1/26 8pm; 1/28 2:45pm; 1/29 1:45pm; 1/30 7:30pm; 2/2 10:15pm ($6)

evidence of faith

Written, Performed, and Directed by: Liz Gans and Tiana Hux

Produced by: Energy Theatre

Using the chakra system as their source, performance artists Liz Gans and Tiana Hux present what they consider to be evidence of faith. Separately, Gans and Hux made quite an impression in FronteraFest '99, Hux with Yes/No, an intriguing audience survey chosen "Best of the Week" and Gans with The Trash Burner, which was selected as a "Best of the Fest" piece. This full-length collaboration between the two is their third under the heading of Energy Theatre, a three-part event in which they explored the chakra system as a generator for new work.

1/26 10:15pm; 1/28 9pm; 1/29 10:30pm; 1/30 1pm; 2/1 6pm ($10)

Mississippi on My Mind

Written and Performed by: Suzanne Vance

A triptych of life in the Deep South: I Got Places, a dialogue between two elderly homeless people; Have Your Cake and Eat It Too!, a monologue in which a middle-aged Dixie queen recounts her humorous activities on the dating scene; and Front Porch Memories, a poetry performance which re-creates a Southerner's experiences growing up in a world slow to change. Author-performer Vance is one of those canny veterans of the festival, an artist of limited experience -- she claims to have been at the writing game only five or so years -- who takes the Fest stage whenever possible to introduce new pieces and further develop her theatrical sensibilities. Her often folksy approach, deep-fried in Southern humor, have developed a loyal following.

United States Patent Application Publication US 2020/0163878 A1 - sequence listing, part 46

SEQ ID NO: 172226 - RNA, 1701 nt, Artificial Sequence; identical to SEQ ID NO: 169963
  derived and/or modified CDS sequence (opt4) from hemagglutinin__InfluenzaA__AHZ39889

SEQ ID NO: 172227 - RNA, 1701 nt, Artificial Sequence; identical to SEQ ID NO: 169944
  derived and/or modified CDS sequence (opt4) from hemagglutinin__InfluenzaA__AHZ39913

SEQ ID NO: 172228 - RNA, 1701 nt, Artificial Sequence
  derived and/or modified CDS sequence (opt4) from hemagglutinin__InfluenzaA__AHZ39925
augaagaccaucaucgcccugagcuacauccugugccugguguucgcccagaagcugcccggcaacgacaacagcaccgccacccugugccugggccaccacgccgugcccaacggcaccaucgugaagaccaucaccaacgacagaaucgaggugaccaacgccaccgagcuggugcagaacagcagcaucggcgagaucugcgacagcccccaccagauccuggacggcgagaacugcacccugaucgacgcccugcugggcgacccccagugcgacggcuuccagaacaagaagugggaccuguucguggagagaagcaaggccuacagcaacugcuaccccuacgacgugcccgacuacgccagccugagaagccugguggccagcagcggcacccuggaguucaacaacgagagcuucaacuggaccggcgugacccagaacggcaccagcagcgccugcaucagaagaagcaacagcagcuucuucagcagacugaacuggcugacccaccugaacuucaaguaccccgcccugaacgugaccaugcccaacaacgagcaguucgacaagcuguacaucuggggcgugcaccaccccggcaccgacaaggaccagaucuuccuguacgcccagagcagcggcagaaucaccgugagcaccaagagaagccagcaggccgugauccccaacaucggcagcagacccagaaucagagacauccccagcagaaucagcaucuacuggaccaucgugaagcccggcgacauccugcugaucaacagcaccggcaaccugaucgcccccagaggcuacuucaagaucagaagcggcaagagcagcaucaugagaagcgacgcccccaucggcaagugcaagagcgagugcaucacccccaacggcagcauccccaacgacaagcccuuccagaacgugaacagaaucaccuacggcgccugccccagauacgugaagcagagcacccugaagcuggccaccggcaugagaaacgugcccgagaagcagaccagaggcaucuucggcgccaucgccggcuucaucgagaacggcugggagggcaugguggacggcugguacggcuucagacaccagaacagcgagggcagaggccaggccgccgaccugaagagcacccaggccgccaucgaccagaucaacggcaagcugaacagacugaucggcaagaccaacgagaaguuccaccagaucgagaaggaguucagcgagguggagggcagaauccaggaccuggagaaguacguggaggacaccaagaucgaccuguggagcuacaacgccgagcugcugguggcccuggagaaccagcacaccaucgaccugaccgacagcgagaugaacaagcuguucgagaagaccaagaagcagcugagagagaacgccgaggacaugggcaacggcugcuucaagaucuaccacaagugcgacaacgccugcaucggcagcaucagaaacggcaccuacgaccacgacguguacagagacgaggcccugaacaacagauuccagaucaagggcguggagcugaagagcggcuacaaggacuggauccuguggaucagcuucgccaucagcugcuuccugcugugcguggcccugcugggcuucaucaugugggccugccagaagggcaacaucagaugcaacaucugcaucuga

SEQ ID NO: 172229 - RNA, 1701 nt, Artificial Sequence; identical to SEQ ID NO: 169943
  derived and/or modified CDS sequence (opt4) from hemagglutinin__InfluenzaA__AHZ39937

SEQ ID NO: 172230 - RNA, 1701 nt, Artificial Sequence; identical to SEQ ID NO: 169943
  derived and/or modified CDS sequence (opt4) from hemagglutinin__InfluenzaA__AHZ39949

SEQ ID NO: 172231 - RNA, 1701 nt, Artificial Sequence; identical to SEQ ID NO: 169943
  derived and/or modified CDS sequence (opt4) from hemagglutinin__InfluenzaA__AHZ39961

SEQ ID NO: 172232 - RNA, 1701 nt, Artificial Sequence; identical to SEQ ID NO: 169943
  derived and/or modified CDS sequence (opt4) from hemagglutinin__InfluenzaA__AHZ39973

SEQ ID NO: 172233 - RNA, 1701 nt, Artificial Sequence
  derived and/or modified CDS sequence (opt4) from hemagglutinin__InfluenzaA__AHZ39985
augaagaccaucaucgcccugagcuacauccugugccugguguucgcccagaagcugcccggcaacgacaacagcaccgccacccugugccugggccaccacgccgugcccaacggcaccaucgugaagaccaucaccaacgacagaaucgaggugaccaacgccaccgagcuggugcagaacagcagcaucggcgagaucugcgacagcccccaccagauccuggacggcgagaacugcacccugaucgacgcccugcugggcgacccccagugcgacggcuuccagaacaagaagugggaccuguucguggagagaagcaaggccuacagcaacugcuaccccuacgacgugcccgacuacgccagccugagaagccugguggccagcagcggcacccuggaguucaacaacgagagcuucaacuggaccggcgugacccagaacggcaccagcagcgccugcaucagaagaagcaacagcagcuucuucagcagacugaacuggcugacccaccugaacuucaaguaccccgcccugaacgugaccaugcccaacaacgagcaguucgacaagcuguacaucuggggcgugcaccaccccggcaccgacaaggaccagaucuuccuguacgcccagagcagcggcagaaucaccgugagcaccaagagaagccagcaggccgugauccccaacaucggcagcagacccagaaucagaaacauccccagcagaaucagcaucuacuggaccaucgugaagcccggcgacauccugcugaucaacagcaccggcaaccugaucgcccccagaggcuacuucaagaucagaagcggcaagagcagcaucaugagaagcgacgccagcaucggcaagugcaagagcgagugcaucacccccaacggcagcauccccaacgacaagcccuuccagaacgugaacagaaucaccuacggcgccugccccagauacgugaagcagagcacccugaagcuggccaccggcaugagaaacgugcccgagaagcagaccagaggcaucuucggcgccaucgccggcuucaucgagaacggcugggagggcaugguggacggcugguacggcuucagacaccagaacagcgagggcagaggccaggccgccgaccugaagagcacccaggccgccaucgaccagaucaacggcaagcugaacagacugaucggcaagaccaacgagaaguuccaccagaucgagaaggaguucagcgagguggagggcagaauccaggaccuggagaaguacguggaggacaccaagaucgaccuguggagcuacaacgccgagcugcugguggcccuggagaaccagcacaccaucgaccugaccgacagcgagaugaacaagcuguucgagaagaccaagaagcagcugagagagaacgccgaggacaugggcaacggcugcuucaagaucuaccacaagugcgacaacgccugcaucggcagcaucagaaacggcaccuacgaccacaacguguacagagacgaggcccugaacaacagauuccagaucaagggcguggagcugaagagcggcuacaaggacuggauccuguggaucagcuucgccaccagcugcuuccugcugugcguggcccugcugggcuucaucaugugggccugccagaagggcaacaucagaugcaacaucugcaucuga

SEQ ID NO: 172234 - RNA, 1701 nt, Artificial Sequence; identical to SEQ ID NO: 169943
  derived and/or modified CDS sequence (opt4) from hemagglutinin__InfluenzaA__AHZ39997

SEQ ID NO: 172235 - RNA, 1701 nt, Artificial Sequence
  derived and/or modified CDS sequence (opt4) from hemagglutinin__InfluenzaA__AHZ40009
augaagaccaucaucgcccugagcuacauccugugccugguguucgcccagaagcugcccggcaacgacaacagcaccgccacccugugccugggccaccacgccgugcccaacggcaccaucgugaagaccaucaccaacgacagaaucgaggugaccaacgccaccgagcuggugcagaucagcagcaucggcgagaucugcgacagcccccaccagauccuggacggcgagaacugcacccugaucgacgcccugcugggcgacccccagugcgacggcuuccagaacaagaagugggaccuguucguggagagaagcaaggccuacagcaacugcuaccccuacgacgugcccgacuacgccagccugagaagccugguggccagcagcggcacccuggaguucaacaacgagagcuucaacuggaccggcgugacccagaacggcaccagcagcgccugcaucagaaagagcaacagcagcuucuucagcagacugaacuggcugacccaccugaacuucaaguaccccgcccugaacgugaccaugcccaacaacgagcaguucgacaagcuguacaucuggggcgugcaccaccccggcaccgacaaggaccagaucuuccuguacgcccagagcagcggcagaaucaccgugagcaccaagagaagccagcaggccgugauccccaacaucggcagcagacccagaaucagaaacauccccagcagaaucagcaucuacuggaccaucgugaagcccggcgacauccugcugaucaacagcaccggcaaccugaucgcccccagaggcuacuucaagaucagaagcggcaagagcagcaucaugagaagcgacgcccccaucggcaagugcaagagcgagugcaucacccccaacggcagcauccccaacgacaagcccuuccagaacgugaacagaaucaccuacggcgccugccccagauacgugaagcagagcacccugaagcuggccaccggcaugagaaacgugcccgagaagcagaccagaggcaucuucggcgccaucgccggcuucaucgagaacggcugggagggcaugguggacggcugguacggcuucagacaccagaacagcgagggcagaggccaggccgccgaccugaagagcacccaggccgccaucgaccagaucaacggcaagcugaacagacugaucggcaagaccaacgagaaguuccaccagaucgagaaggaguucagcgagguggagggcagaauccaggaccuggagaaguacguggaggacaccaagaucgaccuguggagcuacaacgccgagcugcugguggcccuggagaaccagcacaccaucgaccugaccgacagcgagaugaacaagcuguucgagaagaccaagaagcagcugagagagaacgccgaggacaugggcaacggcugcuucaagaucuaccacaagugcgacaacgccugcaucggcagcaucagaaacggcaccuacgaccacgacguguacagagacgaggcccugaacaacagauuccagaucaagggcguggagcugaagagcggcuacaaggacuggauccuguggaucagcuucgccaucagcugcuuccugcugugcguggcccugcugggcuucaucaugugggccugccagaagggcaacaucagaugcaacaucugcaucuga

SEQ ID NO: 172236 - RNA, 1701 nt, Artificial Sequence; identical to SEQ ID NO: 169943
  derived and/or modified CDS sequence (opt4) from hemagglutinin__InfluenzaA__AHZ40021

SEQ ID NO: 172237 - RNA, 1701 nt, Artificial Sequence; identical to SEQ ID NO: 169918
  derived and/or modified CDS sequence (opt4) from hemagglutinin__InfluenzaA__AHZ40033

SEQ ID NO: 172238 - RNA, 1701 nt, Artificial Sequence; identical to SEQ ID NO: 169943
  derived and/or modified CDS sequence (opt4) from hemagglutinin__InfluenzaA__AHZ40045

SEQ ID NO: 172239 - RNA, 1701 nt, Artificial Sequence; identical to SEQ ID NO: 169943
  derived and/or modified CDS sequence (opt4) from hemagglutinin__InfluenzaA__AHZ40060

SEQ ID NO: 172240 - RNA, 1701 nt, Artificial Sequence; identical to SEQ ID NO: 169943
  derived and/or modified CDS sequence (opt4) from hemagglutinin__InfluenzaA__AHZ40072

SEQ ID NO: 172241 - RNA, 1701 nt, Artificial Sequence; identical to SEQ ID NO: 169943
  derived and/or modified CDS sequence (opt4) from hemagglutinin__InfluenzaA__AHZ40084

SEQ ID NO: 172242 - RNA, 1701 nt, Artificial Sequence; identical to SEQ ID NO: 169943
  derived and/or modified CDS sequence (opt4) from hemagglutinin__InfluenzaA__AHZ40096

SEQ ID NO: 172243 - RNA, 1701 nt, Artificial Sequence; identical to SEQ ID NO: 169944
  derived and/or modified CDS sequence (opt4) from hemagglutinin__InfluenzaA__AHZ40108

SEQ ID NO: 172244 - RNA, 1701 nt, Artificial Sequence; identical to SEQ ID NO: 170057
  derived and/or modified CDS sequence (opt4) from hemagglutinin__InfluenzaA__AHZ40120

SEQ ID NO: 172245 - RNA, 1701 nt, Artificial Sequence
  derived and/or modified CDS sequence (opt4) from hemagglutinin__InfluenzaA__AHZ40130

1/27 8:45pm; 1/28 11:30pm; 1/30 5:45pm; 2/4 5:30pm; 2/5 2pm ($8)

Cab and Lena

Written and Performed by: Grisha Coleman and Daniel Jones
<i>Cab and Lena</i>
Cab and Lena

Produced by: Frontera@Hyde Park Theater

Two of the most esteemed featured artists from past FronteraFests return to collaborate on a "a newly discovered celluloid bombshell" featuring two entertainments legends in a "previously unseen" collaboration. Frontera company member Daniel Alexander Jones and Hot Mouth founder Grisha Coleman are Cab Calloway and Lena Horne -- but don't assume that you know who's playing who! Jones' sensual, funny, lyrical contributions to Frontera -- Blood:Shock:Boogie, Black Power Barbie in Hotel de Dream, Ambient Love Rites, clayangels, et al. -- brought an infectiously jazzy poetry to the Hyde Park stage. In her evening of songs at FronteraFest '98, Coleman bared her heart through her voice and cello, and hypnotized a roomful of Austinites. Watching and listening to these two hot talents take on the combustive Cab and Lena promises festival fireworks.